Blue Jays get best possible news on J.A. Happ injury

Nick Ashbourne
J.A. Happ’s prognosis is better than the Blue Jays might have imagined two days ago. (Fred Thornhill/CP)

When elbow discomfort forces a pitcher out of a game the range of outcomes is vast, but almost every possible prognosis is grim.

There’s no good way to hurt your elbow when propelling baseballs with your arm is your chosen career. That’s why you could forgive Toronto Blue Jays starter J.A. Happ for having his mind go to a dark place when he left Sunday’s start after his most lucrative joint tightened up on him.

“I hadn’t felt that in a lot of years, so it was concerning to me for sure and it wasn’t getting any better,” he said prior to Tuesday’s matchup with the Boston Red Sox. “It was getting worse as that fifth inning progressed there.”

Luckily for the veteran left-hander – and the Blue Jays – it appears that his injury isn’t too serious. While he’s headed to the 10-day disabled list with elbow soreness, things could have been a lot worse.

“They did an MRI and it actually looked pretty good,” said manager John Gibbons. “There was some inflammation in there. We figure we put him on the 10-day DL get him through that and let it calm down. Who knows, he might be ready on that 11th day or soon after, that’s the feeling right now anyway.”

Happ also sees this development as a positive one, despite the stint on the shelf.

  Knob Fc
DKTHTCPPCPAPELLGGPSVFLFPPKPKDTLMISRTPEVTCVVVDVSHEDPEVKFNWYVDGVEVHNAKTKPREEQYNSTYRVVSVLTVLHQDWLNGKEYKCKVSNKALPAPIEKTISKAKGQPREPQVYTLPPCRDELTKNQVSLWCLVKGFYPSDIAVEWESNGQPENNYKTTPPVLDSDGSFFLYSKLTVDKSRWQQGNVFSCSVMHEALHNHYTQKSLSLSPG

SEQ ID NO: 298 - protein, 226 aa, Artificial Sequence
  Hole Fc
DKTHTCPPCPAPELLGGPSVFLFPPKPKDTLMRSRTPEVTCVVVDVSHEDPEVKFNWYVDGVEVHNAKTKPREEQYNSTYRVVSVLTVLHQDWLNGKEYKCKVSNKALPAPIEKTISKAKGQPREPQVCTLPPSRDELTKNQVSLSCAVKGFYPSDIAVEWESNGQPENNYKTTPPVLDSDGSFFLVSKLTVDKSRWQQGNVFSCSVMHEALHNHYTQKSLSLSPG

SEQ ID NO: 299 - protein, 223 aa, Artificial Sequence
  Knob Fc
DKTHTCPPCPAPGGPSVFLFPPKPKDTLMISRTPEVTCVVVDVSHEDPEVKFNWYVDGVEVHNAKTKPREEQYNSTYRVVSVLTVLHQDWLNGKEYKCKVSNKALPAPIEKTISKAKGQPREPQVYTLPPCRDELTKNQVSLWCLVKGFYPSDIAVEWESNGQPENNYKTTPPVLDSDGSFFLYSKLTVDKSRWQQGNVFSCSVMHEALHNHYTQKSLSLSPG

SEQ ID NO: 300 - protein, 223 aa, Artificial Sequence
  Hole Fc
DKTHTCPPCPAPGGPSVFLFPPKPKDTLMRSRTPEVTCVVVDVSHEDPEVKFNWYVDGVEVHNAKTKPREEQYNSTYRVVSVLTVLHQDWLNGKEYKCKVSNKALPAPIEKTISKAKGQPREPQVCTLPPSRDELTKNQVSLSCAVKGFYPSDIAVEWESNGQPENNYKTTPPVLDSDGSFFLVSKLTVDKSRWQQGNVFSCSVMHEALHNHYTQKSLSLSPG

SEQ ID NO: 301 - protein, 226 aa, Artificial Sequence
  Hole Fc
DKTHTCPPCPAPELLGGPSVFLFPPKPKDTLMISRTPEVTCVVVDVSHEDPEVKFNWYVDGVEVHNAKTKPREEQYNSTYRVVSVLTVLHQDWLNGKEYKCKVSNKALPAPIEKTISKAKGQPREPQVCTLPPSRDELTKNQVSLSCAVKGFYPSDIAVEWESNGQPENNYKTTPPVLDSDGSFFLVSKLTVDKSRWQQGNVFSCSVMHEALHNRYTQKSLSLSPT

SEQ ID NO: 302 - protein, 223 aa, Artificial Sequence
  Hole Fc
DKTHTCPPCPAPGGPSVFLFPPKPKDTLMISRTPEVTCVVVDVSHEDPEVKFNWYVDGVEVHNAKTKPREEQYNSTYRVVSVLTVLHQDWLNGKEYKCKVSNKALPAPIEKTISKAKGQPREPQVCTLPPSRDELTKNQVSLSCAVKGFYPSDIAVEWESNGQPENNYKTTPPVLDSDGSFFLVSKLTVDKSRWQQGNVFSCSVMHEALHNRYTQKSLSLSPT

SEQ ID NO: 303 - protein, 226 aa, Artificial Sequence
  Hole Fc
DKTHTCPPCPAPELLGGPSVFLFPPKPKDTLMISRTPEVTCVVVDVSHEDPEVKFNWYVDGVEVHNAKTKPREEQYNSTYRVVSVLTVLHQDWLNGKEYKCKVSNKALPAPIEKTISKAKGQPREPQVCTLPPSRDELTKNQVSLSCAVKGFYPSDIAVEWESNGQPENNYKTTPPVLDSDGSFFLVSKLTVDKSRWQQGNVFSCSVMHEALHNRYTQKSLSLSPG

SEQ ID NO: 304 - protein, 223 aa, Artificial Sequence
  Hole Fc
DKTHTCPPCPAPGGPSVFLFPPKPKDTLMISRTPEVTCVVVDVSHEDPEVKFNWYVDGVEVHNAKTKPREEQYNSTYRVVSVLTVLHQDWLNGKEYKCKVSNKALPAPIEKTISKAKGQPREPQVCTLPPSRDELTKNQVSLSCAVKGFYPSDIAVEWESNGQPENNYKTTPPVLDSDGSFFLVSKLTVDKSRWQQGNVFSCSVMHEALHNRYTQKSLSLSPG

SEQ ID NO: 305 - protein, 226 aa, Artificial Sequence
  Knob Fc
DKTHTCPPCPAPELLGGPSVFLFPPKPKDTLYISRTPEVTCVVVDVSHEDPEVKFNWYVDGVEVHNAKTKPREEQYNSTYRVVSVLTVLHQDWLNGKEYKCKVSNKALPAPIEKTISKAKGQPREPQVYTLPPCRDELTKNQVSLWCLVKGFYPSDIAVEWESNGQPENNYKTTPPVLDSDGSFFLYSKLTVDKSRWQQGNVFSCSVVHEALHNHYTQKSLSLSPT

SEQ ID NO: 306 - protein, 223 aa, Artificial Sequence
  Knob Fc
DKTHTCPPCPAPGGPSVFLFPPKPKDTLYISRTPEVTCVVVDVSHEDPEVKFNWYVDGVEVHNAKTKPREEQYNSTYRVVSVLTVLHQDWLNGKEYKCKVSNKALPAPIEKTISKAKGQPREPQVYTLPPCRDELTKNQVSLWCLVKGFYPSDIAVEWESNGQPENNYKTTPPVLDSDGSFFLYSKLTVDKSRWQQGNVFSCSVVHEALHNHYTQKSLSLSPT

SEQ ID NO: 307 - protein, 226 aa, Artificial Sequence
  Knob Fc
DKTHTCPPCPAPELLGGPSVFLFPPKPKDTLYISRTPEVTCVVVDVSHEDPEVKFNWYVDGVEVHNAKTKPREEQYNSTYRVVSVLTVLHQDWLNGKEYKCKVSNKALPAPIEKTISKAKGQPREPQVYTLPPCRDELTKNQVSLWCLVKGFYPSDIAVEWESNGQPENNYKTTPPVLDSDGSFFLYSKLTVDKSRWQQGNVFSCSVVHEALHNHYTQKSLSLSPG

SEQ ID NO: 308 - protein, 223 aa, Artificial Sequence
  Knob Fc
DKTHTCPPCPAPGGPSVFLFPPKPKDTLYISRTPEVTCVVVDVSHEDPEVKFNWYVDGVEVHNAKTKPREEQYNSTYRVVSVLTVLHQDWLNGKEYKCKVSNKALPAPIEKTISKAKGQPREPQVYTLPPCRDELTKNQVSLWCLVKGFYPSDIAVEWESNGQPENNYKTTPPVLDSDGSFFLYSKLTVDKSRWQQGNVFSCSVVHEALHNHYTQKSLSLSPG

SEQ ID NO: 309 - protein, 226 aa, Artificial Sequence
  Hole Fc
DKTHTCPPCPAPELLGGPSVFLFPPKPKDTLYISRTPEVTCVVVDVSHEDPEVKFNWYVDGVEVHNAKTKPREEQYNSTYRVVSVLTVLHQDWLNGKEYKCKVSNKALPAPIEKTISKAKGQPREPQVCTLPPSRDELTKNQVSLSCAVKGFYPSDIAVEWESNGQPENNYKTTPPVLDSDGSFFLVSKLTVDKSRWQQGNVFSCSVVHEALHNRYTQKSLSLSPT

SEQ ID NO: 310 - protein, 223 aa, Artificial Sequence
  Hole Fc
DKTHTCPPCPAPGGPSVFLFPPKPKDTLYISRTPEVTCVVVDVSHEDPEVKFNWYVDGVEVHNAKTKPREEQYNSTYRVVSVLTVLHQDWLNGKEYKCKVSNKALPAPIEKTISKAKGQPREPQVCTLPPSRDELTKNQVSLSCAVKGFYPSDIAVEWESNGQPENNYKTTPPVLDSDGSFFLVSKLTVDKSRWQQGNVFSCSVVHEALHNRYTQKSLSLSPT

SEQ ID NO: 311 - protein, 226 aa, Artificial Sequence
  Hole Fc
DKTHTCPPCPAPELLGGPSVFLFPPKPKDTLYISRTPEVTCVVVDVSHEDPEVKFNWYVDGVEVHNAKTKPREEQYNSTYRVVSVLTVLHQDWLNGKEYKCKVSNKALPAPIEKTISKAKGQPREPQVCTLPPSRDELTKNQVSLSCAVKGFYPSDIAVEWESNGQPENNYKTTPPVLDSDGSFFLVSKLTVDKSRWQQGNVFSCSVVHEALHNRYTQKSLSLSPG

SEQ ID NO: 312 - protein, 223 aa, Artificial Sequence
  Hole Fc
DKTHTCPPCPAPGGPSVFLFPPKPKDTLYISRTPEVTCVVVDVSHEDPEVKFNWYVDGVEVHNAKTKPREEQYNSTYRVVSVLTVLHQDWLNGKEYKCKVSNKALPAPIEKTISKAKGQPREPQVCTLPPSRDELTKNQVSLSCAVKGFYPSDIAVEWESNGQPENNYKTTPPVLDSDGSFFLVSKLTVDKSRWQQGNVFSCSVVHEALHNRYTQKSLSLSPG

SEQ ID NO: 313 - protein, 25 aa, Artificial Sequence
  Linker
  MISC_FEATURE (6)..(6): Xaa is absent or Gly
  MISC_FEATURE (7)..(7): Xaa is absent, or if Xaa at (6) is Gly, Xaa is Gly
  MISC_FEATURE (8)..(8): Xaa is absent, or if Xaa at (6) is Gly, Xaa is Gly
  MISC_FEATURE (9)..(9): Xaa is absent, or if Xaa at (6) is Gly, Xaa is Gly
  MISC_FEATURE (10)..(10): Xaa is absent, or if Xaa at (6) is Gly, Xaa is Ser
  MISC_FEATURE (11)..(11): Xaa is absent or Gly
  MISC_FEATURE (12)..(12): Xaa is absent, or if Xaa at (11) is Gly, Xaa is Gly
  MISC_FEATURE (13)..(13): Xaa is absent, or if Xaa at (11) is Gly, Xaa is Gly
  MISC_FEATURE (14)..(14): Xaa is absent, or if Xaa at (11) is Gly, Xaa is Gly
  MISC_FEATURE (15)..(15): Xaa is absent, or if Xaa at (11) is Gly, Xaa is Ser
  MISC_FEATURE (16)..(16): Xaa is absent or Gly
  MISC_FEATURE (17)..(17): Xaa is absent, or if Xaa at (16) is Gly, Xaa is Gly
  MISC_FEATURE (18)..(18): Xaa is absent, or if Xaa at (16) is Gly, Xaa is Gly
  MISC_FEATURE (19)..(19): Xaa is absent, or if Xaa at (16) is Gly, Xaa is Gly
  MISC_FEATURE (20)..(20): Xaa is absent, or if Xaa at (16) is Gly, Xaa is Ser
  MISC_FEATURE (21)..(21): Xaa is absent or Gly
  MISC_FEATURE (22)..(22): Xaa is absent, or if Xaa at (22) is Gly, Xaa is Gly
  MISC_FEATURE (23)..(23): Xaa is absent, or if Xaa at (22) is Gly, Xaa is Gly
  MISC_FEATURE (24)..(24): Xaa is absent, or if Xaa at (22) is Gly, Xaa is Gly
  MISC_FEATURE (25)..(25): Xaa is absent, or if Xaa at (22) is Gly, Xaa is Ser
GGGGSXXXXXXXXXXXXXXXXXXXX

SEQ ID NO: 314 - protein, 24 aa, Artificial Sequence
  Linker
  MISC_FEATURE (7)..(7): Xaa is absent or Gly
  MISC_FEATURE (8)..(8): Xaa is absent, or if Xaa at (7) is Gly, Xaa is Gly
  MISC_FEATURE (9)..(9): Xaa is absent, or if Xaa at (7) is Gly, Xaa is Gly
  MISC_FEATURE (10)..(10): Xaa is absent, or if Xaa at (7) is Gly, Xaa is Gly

“I thinking looking long-term it’s actually really good news compared to what it could have been and maybe what I thought it was leaning toward,” he said. “It’s good news. I don’t want to go on the DL, but hopefully there’s potential for this just to be a one time through the rotation type and [I can] get right back after the 10 days.”

The Blue Jays could certainly use a favourable turn of fortune. As it stands, the team can ill afford for Happ to miss many starts considering the rather unimpressive alternatives. Instead, the Blue Jays will simply demand a spot start from one of their Triple-A pitchers as opposed to the kind of extended stretch that could get ugly.

While Happ is off to a bumpy start from a traditional statistical standpoint with an 0-3 record and 4.50 ERA, his underlying peripherals are outstanding – and he’s certainly a part of the solution rather than the problem for Toronto. The 34-year-old has struck out 20 batters in 16 innings and has yet to issue a walk.

The Blue Jays have already dug themselves a significant hole with their 2-10 start – the last thing they could afford was to lose Happ to a significant injury. Having him hit the 10-day DL isn’t exactly ideal, but in the midst of a 2-10 start that constitutes good news these days.